The company withdrew those measures after the election, which, despite research, reduced the number of views of inflammatory posts by 25.1 percent and photo posts with misinformation by 48.5 percent. Three months later, the military launched a violent revolution in the country. After the coup, Facebook announced that it had implemented a special policy to eliminate violence and support in the country, and then banned the Myanmar military from using Facebook and Instagram.

In Sri Lanka, Facebook was able to automatically add hundreds of thousands of users to its groups, exposing them to violent and hateful content. In Ethiopia, a nationalist youth militant group successfully integrated calls for violence on Facebook and published other annoying content.

Facebook has invested considerably in technology, with hate speech in two widely used languages, including Hindi and Bengali. Stone said. He also said that Facebook has halved the amount of hate speech people see worldwide this year.

“Hate speech against marginalized groups, including Muslims, is on the rise in India and around the world,” he said. Stone said. “So we’re improving enforcement, and we’re committed to updating our policies when hate speech develops online.”

In India, Katie Harbat, who has spent 10 years as the Director of Public Policy and worked directly on Facebook, said that Facebook “certainly has a question about getting rich”, but the answer is “not just throwing more money into trouble”. In securing India’s national elections. He said Facebook needs to find a solution that can be used by countries around the world.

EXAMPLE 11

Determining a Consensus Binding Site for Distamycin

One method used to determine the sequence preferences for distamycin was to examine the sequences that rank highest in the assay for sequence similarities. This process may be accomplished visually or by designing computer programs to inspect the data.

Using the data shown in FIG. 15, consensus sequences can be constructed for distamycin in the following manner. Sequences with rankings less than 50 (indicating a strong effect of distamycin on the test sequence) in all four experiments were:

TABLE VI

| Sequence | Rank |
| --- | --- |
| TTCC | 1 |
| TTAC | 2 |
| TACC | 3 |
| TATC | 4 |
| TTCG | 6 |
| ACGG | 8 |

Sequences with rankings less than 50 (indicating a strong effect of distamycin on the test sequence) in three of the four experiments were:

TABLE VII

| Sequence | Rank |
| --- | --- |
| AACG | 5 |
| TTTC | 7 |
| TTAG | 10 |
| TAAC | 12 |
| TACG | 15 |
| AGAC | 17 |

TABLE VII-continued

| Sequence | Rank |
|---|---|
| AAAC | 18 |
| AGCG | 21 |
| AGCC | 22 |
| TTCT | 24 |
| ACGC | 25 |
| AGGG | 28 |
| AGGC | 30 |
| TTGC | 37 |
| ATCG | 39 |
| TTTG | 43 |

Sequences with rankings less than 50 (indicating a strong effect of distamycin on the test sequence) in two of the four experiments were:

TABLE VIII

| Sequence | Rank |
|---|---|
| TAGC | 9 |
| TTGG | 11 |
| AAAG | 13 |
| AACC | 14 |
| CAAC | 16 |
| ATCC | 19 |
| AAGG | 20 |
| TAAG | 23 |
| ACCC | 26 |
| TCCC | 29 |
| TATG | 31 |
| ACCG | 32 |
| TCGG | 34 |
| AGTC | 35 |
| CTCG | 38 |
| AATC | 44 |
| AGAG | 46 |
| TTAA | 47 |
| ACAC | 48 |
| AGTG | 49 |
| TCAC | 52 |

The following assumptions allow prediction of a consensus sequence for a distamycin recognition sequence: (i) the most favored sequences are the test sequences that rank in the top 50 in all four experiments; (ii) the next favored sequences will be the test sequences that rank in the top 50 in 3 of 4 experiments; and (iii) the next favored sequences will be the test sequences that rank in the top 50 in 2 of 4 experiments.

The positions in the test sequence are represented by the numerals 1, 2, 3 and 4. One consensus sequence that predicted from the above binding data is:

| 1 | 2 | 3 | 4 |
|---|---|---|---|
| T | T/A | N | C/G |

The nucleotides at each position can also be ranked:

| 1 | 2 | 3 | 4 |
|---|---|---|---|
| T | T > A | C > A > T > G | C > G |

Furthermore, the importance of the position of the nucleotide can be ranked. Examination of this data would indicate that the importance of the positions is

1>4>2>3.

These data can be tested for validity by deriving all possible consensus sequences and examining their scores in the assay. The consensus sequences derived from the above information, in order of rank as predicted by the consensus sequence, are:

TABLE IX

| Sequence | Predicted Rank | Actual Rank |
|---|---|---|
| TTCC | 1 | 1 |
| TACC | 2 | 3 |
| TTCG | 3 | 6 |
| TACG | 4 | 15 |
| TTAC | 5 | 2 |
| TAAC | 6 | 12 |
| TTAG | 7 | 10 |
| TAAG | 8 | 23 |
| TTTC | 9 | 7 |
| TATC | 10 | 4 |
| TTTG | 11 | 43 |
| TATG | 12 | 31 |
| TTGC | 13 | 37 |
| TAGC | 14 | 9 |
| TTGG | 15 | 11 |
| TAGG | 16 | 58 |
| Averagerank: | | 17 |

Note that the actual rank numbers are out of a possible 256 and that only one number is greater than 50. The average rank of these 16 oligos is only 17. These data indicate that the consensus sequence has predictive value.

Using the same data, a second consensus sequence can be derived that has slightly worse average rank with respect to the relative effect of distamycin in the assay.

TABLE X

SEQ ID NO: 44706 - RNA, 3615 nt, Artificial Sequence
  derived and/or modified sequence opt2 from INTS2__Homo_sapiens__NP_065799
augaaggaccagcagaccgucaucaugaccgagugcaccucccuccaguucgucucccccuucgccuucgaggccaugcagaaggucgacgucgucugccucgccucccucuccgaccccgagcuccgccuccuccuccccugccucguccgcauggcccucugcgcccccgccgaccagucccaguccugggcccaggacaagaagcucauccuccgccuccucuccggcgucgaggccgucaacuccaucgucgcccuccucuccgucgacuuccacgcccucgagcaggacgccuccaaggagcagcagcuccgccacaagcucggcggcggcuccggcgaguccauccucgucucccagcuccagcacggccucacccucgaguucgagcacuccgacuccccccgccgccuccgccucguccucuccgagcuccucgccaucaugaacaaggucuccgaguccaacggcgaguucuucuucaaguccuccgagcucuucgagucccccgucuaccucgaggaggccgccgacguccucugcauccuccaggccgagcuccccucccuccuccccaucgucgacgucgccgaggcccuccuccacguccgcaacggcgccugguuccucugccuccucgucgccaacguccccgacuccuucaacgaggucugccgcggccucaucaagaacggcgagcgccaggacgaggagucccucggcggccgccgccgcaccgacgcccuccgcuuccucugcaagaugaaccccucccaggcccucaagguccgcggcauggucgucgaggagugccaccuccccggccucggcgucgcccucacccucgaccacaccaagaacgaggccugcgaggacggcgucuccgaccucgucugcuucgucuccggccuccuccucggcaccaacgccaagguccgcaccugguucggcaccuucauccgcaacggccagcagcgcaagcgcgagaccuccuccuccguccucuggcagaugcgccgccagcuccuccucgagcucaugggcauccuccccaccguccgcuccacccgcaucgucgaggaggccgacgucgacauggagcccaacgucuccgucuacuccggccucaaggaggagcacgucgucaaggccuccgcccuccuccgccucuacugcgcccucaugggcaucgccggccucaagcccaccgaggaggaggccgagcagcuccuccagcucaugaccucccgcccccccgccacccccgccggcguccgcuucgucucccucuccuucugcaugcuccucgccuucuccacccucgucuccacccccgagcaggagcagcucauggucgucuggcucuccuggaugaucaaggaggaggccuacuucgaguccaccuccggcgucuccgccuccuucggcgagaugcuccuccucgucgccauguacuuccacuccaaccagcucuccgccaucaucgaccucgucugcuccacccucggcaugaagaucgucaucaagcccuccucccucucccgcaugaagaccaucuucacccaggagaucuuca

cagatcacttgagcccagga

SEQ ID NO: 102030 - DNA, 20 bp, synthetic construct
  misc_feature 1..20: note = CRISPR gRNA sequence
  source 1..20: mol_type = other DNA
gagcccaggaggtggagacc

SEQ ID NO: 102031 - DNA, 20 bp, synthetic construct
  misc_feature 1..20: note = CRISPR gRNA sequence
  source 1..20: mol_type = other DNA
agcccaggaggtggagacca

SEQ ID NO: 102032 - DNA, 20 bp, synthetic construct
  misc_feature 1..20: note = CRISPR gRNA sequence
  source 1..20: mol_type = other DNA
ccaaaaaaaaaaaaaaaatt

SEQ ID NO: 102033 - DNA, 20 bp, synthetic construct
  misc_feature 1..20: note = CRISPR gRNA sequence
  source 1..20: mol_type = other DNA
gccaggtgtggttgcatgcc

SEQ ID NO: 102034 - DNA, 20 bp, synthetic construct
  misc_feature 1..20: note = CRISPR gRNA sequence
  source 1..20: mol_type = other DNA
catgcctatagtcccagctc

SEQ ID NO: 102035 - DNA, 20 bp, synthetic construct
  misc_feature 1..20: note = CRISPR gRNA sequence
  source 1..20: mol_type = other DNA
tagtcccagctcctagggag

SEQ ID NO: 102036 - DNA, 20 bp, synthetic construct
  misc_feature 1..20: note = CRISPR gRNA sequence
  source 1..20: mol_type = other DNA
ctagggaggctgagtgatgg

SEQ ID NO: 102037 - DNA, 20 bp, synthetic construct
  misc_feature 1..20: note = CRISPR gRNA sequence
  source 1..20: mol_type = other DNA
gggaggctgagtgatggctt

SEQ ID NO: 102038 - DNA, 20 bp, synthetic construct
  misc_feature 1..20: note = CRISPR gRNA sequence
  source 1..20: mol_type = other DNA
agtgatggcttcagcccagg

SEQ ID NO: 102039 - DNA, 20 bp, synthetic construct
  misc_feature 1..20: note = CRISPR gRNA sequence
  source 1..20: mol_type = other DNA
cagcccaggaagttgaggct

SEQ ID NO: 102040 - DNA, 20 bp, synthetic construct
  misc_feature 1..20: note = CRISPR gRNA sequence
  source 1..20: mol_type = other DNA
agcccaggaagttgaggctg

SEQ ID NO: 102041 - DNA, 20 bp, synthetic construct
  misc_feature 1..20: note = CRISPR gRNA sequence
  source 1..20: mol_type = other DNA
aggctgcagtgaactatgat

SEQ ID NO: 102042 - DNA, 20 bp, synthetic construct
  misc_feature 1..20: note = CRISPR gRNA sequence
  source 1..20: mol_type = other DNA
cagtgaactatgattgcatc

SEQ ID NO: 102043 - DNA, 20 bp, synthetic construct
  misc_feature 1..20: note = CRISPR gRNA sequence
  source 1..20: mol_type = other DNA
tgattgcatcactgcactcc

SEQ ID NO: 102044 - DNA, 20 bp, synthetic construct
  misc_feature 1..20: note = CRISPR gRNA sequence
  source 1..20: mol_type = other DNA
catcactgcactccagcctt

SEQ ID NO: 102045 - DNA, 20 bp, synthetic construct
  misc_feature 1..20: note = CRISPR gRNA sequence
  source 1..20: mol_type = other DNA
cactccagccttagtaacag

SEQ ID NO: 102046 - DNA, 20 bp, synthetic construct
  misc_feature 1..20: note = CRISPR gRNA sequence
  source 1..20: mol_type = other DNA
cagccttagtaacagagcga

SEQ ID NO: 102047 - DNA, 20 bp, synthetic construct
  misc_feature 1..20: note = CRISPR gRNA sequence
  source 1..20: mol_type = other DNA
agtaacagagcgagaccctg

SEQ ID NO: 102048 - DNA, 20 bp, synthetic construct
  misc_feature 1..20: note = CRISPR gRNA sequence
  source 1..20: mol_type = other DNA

Facebook employees have been conducting various tests and field surveys in India for many years. That work increased ahead of India’s 2019 national elections; In late January of that year, a few Facebook employees traveled across the country to meet colleagues and talk to dozens of local Facebook users.

According to a note written after the trip, a key request from users in India is that Facebook “take action on misinformation related to real-world harm, especially political and religious group tension.”

Ten days after the analyst opened the fake account to read the false information, the suicide bombing on the disputed Kashmir border escalated into a round of violence and allegations, misinformation and conspiracies between Indians and Pakistanis.

After the attack, anti-Pakistan content began to spread among Facebook-recommended groups, including the researcher. He noted that in many groups, there are tens of thousands of users. A different report from Facebook, released in December 2019, found that Indian Facebook users tend to join larger groups, with the country’s average group size being 140,000 members.

Graphic recordings, including of a beheading of a Pakistani citizen and a monument showing corpses wrapped in white sheets on the floor, were circulated in groups he joined.

After the researcher shared his case study with colleagues, his colleagues commented in a posted statement that they were concerned about misinformation about the upcoming elections in India.

Two months after the start of India’s national elections, an internal document, the Indian Electoral Case Study, says that Facebook has taken a series of steps to curb misinformation and hate speech in the country.